What should this person be doing, what shouldn’t they be doing, and then you could easily activate or deactivate that user without impacting your overall account and then you could access their messages and access what they were doing. This was really, really key for some of our earliest users who now have been through four or five or six wholesaler inventory managers and don’t want to lose the relationships, the traction, the listings, the data that they’ve built in the last couple years on their Cannabase account. So that’s just one example of listening to the problem which is hey people keep quitting and we’re switching over accounts and how can I see stuff and saying let’s really build out a piece of the platform that addresses this churn and makes this comfortable for business owners and make it a tool rather than a hindrance.

Matthew: Great points. Is there a tool web based or otherwise that you consider indispensible that you would recommend to listeners but you can’t say Cannabase?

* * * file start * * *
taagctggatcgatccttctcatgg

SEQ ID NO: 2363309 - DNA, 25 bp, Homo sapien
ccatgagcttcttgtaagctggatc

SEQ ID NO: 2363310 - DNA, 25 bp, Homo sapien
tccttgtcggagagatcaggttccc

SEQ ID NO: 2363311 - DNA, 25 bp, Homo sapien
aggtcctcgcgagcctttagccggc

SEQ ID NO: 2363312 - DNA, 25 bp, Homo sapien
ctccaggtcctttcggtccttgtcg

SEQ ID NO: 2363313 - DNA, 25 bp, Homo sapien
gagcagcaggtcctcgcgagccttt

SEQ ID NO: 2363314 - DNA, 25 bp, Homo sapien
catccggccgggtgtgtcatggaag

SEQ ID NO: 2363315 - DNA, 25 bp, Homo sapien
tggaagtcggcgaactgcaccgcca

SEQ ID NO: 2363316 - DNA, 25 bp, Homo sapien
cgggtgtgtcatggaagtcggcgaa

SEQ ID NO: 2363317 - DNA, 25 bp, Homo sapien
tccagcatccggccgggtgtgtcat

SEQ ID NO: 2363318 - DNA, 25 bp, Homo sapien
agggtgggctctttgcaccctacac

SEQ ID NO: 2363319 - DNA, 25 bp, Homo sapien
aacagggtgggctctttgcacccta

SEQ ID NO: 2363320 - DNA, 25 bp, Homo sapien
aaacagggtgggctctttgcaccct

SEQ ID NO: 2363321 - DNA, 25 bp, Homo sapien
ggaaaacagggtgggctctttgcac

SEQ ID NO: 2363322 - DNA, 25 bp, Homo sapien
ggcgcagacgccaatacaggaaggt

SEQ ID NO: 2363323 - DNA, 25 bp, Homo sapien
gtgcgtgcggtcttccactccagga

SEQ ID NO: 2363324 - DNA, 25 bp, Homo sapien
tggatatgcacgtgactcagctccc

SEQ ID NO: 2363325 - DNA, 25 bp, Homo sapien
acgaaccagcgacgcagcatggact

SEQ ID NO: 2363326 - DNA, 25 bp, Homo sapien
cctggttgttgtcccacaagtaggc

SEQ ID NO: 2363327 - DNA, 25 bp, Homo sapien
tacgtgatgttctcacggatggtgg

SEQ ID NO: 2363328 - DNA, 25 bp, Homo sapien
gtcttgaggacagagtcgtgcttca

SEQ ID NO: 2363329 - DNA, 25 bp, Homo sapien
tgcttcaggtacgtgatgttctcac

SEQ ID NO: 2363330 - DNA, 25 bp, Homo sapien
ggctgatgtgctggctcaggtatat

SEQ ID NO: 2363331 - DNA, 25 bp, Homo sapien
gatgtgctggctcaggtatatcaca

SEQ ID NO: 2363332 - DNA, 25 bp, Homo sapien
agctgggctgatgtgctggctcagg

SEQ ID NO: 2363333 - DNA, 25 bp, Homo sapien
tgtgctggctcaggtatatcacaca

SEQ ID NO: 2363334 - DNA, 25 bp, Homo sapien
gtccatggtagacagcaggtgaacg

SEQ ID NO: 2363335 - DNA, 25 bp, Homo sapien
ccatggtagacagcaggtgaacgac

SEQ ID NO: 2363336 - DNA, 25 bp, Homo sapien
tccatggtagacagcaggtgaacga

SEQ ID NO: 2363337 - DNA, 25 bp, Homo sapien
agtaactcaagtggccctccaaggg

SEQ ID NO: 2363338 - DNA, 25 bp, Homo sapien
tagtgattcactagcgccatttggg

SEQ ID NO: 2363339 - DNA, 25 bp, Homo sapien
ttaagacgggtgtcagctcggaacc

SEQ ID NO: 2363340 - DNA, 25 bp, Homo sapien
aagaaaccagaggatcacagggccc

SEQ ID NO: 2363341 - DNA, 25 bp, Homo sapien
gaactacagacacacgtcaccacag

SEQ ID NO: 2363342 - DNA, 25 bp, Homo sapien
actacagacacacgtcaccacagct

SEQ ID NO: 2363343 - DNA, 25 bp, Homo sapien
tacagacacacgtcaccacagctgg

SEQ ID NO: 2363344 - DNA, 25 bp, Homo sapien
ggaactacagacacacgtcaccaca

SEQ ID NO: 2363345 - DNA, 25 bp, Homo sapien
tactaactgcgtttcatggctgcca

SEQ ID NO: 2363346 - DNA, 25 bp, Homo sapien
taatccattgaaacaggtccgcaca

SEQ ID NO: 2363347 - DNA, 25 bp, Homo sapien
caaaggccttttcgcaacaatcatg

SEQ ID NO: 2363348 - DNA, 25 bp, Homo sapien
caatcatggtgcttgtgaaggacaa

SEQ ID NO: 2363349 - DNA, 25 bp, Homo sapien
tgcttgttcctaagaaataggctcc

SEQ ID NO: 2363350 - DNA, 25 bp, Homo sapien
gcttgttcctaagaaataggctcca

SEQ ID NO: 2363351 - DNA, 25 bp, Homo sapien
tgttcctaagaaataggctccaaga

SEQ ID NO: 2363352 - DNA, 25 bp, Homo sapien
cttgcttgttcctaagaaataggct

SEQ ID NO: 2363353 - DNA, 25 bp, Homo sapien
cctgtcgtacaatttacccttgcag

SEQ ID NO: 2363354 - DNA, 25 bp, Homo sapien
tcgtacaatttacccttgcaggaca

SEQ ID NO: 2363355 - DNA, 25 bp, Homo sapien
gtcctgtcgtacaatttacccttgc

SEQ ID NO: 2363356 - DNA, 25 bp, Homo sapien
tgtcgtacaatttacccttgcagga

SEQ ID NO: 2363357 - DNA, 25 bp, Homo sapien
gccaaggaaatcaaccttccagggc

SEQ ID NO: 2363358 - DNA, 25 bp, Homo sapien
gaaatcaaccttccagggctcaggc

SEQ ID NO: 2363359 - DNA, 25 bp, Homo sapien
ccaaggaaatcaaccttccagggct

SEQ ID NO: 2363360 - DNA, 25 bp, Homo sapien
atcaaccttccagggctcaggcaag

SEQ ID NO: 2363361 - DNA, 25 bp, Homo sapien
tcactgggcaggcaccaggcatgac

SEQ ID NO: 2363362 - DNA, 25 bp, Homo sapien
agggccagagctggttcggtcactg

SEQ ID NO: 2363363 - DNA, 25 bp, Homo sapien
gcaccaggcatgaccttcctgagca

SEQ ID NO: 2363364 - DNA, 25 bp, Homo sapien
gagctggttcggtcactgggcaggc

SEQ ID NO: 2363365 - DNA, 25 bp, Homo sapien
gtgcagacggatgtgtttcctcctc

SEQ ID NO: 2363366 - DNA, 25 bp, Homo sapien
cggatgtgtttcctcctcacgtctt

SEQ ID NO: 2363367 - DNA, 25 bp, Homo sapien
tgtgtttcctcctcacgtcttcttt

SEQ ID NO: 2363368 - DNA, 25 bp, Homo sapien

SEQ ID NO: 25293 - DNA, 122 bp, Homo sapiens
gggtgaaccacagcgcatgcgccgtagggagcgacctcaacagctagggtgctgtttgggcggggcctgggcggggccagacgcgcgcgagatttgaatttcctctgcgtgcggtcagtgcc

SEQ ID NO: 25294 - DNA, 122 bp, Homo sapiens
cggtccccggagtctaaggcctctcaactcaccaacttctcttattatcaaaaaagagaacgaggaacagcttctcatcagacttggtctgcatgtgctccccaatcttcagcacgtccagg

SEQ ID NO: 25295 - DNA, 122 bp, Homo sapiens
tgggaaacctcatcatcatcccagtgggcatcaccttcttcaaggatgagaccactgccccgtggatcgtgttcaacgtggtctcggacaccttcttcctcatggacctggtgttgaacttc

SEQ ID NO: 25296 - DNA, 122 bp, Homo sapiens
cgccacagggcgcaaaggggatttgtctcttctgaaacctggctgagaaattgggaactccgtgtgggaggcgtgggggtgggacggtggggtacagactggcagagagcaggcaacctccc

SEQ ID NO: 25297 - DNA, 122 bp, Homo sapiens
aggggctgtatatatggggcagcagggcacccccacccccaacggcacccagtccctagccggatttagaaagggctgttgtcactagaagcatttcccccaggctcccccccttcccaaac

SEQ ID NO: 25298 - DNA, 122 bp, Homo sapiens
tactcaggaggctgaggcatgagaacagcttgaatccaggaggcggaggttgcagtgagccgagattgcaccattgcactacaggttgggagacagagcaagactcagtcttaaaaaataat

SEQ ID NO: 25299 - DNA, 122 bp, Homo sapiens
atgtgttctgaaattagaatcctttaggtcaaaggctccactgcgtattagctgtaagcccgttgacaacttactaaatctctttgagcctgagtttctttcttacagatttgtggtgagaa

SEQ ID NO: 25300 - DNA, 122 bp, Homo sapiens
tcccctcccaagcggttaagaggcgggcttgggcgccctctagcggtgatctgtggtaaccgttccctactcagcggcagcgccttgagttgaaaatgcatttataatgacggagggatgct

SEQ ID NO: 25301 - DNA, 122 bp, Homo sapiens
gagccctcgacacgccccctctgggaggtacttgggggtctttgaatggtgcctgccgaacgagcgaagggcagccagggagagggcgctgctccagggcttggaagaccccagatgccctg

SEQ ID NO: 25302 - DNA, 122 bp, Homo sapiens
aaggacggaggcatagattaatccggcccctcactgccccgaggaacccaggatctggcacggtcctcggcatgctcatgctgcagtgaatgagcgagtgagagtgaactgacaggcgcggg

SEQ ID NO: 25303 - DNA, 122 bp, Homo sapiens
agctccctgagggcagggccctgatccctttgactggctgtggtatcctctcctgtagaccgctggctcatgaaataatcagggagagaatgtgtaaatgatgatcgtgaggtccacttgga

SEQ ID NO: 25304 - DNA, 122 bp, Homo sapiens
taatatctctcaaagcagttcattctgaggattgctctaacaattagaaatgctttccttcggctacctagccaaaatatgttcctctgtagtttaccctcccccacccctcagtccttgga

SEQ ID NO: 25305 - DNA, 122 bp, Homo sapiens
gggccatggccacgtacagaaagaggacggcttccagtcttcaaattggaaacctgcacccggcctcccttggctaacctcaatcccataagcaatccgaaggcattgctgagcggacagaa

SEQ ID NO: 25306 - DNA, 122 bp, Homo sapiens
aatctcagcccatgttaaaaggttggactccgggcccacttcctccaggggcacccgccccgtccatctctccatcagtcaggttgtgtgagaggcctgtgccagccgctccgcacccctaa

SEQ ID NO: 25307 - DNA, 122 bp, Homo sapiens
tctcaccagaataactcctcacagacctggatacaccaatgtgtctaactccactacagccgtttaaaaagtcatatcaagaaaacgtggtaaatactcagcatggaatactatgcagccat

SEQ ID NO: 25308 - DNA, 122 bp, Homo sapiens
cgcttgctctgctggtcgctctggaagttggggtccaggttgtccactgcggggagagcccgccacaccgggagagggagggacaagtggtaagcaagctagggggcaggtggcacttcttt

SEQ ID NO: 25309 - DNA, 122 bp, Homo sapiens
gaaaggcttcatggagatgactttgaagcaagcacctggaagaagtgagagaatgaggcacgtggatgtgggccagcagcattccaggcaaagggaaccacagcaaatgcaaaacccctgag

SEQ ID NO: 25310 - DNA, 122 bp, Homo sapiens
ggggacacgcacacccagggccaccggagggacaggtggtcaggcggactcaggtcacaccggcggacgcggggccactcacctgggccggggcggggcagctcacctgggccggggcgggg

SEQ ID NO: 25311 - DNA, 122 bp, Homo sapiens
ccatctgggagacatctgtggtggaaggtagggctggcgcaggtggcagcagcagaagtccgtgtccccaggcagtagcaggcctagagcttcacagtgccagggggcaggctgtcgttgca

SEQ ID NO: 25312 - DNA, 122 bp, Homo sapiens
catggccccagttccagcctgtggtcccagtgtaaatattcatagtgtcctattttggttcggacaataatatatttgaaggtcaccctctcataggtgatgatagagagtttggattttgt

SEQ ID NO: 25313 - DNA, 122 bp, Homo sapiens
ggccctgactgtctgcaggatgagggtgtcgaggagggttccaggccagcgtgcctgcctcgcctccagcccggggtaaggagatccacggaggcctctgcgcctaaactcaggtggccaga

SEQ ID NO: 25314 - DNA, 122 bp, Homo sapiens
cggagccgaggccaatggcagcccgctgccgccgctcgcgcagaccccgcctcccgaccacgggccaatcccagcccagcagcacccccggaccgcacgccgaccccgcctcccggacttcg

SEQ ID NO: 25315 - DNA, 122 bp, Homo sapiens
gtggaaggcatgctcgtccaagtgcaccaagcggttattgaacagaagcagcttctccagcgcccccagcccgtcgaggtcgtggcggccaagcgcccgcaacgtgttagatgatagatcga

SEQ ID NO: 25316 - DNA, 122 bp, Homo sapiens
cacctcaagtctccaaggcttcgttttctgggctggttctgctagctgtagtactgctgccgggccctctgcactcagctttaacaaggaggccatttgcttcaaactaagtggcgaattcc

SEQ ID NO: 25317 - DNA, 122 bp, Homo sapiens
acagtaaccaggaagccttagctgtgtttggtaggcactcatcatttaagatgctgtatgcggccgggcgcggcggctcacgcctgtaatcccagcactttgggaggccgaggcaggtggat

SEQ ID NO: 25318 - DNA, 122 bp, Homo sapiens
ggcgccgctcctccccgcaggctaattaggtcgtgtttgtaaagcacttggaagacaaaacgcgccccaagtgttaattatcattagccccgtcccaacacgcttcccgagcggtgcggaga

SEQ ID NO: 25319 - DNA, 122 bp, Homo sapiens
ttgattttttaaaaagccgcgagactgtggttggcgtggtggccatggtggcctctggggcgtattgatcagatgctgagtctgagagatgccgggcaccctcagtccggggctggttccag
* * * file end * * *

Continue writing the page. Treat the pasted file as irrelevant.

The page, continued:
Jennifer: I was going to say Cannabase.

Matthew: You can’t say that, can’t say that.

Jennifer: Yes absolutely. I am a huge; our whole team I should not take all the credit. Our whole team are huge fans of QuickBase and actually Eric who’s been with us since the beginning. He does all of our data and finances is a QuickBase hero. He is such a super user. He’s accumulated so many points with QuickBase. But QuickBase is a custom database application much like the company I used to work for TrackVia that allows you to create custom business applications tailored to your workflow. So it’s basically like you’re creating inner linking spreadsheets with forms on top which is what most software programs really are. So we have a custom CRM, a custom finance manager, custom dashboards, custom sales dashboard. Things that allow us to monitor our progress and monitor the app and monitor our development flow in a way that is totally unique to us and this was something we began building when it was just the founders and we just had a domain name.